In Nigeria 130 people who lost limbs in Boko Haram attacks have been fitted with artificial limbs
Artificial limbs give hope to Boko Haram amputees
Njidda Maidugu breaks into a broad smile as he wobbles on his artificial leg with the support of crutches as a nurse walks alongside, helping him to keep his balance.
Maidugu, 35, never thought he would walk on two legs again after he lost his right limb in a Boko Haram suicide bomb attack at a checkpoint in Maiduguri, northeast Nigeria, in 2016.
"It feels like a miracle to walk with two legs again, I'm happy," the fuel station attendant told AFP at the National Orthopaedic Hospital in the northern city of Kano.
"These are my first steps on two legs in two years and I feel like a toddler learning to walk," he added, looking down at his new plastic leg outside a prosthetics workshop.
Maidugu was one of about 130 people who lost limbs in Boko Haram attacks and have been fitted with free artificial replacements in a project run by the International Committee of the Red Cross.
The ICRC set up the limb-fitting workshop at the hospital in August 2016 to provide prosthetics to amputees from the three northeastern states worst hit by the Islamist insurgency.
The jihadist violence, now in its ninth year, has killed at least 20,000 people and left thousands of others with life-changing injuries.
"Half of the 262 patients we have fitted with prosthetics are [Boko Haram] war victims," said the head of the project, Jacques Forget.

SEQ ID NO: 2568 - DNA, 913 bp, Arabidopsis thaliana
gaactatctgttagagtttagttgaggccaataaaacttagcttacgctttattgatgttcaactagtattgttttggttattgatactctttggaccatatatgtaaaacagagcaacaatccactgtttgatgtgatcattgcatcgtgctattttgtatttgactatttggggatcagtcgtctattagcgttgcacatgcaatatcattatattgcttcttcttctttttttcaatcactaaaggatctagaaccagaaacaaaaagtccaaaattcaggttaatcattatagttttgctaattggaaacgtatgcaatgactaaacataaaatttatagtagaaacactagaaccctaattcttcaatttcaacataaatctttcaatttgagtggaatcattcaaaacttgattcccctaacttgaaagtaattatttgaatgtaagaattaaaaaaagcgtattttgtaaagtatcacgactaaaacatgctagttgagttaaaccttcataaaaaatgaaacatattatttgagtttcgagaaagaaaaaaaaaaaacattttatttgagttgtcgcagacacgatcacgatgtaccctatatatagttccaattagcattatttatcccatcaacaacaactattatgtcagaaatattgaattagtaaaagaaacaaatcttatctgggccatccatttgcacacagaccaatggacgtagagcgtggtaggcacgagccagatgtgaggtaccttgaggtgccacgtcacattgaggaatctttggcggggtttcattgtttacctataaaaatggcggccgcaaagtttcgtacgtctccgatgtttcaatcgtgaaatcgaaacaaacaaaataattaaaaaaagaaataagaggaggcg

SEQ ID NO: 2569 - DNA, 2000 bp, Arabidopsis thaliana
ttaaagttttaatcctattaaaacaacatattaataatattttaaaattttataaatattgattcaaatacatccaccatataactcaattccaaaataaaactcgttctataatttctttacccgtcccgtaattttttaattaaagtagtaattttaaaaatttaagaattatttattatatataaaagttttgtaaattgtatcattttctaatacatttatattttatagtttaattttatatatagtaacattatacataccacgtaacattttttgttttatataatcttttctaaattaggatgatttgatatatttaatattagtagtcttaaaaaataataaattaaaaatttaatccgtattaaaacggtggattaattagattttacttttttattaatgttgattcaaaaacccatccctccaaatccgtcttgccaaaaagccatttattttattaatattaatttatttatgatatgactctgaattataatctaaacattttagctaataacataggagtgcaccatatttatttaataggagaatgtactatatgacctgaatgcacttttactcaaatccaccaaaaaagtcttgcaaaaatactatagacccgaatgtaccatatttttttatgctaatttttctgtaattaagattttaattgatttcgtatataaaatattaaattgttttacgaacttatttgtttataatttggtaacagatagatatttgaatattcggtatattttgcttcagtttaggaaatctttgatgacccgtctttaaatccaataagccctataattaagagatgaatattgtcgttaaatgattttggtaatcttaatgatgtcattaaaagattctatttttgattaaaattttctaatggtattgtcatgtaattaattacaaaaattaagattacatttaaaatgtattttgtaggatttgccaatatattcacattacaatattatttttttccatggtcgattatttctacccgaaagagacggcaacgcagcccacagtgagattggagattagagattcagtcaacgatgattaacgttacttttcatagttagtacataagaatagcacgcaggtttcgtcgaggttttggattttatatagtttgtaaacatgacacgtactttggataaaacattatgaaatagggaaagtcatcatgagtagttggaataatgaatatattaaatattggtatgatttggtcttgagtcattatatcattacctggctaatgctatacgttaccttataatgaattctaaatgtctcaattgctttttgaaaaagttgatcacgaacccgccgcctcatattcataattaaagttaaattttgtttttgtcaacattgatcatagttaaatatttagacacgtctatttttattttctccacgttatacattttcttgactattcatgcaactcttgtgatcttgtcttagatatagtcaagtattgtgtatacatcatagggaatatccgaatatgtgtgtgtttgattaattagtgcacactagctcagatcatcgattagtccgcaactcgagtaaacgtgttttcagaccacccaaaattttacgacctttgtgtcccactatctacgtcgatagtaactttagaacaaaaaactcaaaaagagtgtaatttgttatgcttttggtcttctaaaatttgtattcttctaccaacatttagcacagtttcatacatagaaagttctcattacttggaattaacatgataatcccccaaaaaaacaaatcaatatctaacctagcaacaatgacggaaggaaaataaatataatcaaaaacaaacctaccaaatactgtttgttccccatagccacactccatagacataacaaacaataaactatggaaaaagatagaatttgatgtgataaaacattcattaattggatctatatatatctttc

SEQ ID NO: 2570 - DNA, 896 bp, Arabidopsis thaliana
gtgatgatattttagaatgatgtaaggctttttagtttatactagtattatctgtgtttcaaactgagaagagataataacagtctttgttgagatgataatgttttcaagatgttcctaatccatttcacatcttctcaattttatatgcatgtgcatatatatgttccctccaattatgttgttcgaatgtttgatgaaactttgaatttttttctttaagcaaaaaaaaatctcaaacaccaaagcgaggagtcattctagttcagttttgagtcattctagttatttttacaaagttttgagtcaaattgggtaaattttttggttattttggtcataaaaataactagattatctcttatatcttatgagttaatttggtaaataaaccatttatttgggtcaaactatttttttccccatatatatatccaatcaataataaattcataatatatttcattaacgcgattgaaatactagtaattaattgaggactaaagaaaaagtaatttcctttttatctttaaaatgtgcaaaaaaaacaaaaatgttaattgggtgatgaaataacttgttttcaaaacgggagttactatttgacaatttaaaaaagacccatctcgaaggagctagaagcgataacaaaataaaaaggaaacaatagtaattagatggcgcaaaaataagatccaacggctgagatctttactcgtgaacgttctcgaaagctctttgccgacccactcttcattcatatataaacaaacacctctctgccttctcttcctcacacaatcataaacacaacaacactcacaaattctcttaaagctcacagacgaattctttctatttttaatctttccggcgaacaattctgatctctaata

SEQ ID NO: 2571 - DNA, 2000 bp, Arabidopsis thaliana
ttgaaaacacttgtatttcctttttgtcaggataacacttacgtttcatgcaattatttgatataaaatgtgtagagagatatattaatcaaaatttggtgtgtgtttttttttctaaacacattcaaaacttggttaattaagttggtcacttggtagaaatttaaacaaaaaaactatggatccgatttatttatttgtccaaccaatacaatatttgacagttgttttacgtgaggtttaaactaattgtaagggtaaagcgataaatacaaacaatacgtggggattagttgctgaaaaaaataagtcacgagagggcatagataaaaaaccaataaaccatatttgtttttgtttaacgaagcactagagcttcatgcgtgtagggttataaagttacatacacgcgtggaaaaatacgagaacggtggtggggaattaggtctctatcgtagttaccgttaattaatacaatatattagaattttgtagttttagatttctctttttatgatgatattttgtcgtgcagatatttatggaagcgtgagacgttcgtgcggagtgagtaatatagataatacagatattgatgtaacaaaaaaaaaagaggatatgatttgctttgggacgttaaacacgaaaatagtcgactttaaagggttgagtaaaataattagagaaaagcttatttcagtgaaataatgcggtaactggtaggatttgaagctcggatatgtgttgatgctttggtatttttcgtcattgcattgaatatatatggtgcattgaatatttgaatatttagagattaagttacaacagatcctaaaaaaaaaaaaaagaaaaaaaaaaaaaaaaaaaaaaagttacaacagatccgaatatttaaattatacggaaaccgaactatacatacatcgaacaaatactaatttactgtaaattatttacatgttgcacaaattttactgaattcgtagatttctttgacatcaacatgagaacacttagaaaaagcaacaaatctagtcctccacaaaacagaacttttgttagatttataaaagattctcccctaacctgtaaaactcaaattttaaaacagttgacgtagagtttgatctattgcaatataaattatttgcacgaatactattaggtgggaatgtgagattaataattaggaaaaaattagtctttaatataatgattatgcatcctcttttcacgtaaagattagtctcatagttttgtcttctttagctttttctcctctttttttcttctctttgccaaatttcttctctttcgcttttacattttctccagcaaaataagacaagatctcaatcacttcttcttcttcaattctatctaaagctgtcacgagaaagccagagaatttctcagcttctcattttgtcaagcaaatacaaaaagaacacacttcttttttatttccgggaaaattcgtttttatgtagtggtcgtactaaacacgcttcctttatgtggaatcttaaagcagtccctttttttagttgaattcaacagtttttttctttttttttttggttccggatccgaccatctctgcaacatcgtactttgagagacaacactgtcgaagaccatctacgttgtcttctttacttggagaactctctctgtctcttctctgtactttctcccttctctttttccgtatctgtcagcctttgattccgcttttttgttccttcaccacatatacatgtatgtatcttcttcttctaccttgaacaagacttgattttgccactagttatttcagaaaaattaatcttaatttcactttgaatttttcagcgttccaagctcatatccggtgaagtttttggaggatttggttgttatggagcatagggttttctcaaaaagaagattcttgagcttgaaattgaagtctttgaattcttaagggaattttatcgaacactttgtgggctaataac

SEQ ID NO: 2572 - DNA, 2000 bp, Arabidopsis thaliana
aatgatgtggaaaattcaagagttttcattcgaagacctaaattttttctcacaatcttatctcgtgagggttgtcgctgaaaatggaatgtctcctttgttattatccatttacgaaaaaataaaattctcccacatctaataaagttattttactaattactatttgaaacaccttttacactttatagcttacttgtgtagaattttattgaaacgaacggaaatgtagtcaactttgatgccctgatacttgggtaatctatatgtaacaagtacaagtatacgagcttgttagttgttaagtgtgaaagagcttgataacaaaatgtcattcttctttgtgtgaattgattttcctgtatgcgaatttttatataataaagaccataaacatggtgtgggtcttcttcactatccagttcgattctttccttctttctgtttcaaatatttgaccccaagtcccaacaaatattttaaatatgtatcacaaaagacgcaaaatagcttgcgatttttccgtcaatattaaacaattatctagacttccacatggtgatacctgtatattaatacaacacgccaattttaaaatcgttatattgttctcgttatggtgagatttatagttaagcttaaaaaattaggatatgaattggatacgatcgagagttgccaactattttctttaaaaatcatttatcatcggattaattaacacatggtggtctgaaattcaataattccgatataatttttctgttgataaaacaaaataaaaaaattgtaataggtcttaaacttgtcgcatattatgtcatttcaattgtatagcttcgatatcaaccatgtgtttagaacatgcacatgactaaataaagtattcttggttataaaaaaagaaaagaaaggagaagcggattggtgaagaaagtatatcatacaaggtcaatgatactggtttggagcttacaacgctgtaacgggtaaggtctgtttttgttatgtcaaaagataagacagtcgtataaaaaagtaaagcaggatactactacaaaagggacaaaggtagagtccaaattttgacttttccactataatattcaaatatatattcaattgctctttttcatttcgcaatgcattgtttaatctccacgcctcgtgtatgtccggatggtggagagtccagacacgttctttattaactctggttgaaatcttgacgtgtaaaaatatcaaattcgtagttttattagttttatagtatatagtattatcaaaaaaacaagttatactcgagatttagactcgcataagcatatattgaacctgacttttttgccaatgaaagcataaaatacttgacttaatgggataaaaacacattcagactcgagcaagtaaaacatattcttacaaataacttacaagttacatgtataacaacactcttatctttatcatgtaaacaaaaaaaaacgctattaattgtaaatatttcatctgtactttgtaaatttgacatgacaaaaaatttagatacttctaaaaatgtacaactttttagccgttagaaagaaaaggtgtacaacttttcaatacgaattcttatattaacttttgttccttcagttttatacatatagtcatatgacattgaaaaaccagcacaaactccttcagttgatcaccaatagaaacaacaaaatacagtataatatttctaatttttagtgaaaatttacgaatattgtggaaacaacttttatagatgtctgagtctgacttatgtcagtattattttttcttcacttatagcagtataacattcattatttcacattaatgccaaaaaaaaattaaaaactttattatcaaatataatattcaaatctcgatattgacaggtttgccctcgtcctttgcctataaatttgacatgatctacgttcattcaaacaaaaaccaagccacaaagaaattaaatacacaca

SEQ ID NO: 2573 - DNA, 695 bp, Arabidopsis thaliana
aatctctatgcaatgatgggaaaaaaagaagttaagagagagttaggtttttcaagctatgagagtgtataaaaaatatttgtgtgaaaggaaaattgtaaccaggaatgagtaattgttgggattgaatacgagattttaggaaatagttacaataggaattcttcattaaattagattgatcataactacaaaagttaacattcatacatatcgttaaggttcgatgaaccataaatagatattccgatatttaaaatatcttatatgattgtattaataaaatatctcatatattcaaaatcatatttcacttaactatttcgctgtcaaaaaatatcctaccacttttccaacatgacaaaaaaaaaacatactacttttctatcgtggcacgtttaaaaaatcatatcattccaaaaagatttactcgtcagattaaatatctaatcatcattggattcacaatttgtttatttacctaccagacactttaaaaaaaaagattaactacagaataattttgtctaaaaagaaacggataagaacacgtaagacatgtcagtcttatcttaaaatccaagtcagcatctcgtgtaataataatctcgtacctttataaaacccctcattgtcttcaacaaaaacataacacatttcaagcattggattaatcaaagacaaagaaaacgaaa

"The primary focus of the project is to cater for amputees from the conflict, women and children."
The Boko Haram conflict has destroyed the livelihoods of millions of people in a region that was already desperately poor even before the violence began.
Most of the population in northeast Nigeria live on less than $2 a day. That makes prosthetic limbs – which cost on average nearly $700 – prohibitively expensive.
Most of the cases from the Islamist insurgency have been wounded by gunshots or improvised explosive devices, said Forget.
"Not many mines are used in the conflict, unlike in many conflict areas I have worked in," said Forget who has worked on artificial limbs for almost 50 years.
Amputees are first assessed in the Borno state capital, Maiduguri, where the ICRC runs a medical clinic that caters specifically for victims of Boko Haram attacks.
The clinic complements services provided by a handful of state-run hospitals in the city which has been overstretched by the sharp rise in emergency cases from the jihadist violence.
The conflict has seen an exodus of doctors and other health service personnel from Maiduguri, leaving a huge gap that other medical charities are working to fill.
The University of Maiduguri Teaching Hospital (UMTH), which treats the bulk of trauma patients, has only one consultant orthopaedic surgeon.
Once potential beneficiaries of artificial limbs are screened, they are then sent for a fitting in Kano, nearly 600 kilometres away.
Forget works on an average of five amputees a week, which is just a fraction of the number of those seeking his services.
"There is a massive number of people who need limbs and we would be flooded if we opened our doors to everyone of them," he said, surveying the stump from Maidugu's atrophied thigh.
Maidugu heard about the free prosthetics project from a friend who convinced him to try his "luck" despite initial doubts.
With five staff, the workshop struggles to meet deadlines to allow patients to return home within a week.
"It is a huge problem compounded by the conflict," said Forget.
Despite setting up another limb workshop at Ahmadu Bello University Teaching Hospital, in the town of Shika, in neighbouring Kaduna state, the demand keeps increasing.
The ICRC plans to open a similar workshop in Maiduguri with construction work expected to start this year in its effort to meet the huge prosthetic demand.
"We are trying to give them a sense of normality, we give them a little quality of life," said Forget.